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Jussie Smollett’s Legal Problems Just Got a Whole Lot Worse


A grand jury in Chicago indicted Empire actor Jussie Smollett on 16 felony counts on Thursday, this after Smollett had already been charged on Feb. 20 with felony disorderly conduct for allegedly filing a false report. The Cook County State’s Attorney’s Office confirmed the indictment on Friday, ABC 7 Chicago reported.

Smollett stands accused of orchestrating a fake hate crime with the help of Ola and Abel Osundairo, siblings who were initially regarded as persons of interest in the attack and have since turned into key witnesses. Class 4 felony disorderly conduct is a crime that could be punished by 1-3 years behind bars in Illinois.

Smollett pleaded not guilty to the first felony charge.

A Chicago grand jury has now tacked on 16 felony disorderly conduct counts. According the the latest reporting, these charges relate not to the initial reporting of the attack but to a follow-up interview Smollett had with police later on the same day. The current thinking is that Smollett might seek a plea to deal to avoid jail time, but, of course, that would require an admission of guilt.

There’s also been some question of whether he could face federal charges for allegedly mailing himself a fake hate letter.

Smollett said that he was the victim of a racist and homophobic assault, that his assailants had a noose, and that they poured a bleach-like substance on him while saying, “This is MAGA country.” This incident, he said, occurred in Chicago after he’d left a Subway restaurant.

Smollett later went on ABC News to be interviewed by Robin Roberts. During that interview, Smollett said he was “pissed” people didn’t believe him.

After the Osundairo brothers were interviewed, police came to a completely different conclusion — namely, that Smollett had paid them by check to stage the attack because he was unhappy with his salary on the show Empire.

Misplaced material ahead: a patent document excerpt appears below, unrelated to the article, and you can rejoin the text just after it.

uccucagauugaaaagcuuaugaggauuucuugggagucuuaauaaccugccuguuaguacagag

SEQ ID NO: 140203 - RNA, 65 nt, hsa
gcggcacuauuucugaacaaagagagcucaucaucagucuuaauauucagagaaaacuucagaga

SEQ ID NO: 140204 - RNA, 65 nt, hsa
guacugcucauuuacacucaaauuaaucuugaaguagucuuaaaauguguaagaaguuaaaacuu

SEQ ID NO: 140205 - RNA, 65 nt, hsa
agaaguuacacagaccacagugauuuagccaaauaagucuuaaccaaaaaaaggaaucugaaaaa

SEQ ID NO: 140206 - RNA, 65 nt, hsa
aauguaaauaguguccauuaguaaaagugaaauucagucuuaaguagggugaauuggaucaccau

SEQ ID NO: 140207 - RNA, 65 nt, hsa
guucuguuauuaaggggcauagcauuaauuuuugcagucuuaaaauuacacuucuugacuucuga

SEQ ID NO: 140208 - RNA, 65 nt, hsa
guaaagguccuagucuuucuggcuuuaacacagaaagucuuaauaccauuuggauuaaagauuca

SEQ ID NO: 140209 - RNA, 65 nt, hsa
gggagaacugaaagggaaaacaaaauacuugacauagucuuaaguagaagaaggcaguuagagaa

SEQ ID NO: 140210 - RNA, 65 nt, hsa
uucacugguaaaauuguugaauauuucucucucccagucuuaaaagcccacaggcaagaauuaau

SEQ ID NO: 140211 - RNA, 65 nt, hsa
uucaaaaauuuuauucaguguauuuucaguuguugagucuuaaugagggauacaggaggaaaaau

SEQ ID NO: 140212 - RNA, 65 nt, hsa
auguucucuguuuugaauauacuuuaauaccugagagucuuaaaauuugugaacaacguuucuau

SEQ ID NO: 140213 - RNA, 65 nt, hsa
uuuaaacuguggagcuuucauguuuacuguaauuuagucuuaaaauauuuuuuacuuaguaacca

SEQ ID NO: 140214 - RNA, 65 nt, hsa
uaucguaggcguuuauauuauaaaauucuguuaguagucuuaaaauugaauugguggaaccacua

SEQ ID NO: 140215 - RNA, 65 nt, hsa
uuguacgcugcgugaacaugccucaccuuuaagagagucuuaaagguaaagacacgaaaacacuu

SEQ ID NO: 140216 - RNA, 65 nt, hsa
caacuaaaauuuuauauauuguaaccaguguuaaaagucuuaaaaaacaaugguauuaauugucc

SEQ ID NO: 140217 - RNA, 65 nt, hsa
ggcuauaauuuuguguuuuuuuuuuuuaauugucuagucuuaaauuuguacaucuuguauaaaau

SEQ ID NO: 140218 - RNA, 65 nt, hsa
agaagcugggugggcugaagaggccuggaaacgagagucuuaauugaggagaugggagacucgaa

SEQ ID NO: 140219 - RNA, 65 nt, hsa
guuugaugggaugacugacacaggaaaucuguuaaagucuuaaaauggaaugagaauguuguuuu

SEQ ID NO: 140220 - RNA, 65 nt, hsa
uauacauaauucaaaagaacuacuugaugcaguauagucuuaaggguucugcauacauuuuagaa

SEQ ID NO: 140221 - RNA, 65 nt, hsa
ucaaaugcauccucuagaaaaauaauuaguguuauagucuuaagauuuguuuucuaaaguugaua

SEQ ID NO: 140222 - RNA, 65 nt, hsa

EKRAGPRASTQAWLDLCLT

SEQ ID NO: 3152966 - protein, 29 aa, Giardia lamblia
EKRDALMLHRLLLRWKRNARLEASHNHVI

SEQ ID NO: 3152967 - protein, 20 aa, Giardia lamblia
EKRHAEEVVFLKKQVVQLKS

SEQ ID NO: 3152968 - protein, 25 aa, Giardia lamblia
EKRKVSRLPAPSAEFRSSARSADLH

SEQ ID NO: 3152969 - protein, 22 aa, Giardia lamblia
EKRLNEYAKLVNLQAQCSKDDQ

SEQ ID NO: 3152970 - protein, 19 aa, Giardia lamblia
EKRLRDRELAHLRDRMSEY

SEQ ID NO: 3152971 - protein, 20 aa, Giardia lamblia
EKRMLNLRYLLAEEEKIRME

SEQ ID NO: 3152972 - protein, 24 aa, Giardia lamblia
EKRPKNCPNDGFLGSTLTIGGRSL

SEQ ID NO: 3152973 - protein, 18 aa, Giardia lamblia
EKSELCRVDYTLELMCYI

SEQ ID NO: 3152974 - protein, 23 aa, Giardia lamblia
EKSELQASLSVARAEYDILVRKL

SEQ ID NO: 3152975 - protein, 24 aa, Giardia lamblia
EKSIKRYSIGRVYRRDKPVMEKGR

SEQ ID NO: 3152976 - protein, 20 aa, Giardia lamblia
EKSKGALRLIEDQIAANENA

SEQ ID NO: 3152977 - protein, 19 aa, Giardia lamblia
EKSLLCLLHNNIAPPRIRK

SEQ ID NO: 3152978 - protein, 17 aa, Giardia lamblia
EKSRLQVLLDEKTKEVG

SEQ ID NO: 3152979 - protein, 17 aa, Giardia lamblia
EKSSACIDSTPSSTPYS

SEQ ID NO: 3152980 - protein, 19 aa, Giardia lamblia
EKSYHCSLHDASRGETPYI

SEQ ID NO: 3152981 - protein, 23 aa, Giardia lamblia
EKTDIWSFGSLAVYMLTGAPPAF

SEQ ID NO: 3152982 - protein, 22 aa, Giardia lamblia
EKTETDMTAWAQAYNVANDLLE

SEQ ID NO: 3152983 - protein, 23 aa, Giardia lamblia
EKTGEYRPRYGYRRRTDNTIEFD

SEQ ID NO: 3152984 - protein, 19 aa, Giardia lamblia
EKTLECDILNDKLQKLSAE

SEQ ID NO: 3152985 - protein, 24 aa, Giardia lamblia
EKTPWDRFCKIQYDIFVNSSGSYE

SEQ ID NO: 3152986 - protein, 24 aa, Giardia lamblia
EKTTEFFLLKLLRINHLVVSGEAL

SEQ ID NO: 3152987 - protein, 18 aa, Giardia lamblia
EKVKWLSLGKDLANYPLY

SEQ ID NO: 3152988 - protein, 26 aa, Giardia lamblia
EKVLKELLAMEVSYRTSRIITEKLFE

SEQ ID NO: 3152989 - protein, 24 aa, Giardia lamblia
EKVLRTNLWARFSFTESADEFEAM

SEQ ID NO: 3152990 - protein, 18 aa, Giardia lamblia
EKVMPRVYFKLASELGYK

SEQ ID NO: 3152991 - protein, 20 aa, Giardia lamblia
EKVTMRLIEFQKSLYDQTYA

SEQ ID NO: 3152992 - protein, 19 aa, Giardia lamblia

Smollett and his attorney Mark Geragos denied this. On his podcast Reasonable Doubt, Geragos asked the kind of questions that you might expect to be asked in a courtroom on cross examination. Remember: Chicago Police initially identified the Osundairos as persons of interest in the attack. Days later, they were no longer considered persons of interest but victims, and were released from custody without being charged. They also provided information that was deemed credible enough for an indictment.

Geragos wanted to know what happened after the witnesses were taken into custody but before they were released, and why.

“Did you charge them? Did you give them immunity? Did you do anything with them?” he said. “You said they changed their story in the 48th hour — why did they change their story? Was it lawyer-driven?”

Geragos claims that, actually, the real case is against the exonerated witnesses.

“I have not seen anything that supports this idea or the narrative that they put out there that he was in cahoots with anyone. They have a whale of a case against the two guys — the two brothers — but that’s it,” he said. If there was a deal involved, you can expect the defense attorneys will argue that this more than taints the witness explanation. Geragos further claimed that the narrative that Smollett was pissed off about his salary was “not true.”

“They didn’t talk to his lawyer, they didn’t talk to anybody at the production company, they didn’t talk to an agent,” Geragos continued. “Nobody. I’ve done that. I know for a fact that’s untrue. That’s categorically untrue. That’s not the motivation, yet that was what was articulated as the motivation.”

[Image via Chicago PD]

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Matt Naham is the Senior A.M. Editor of Law&Crime.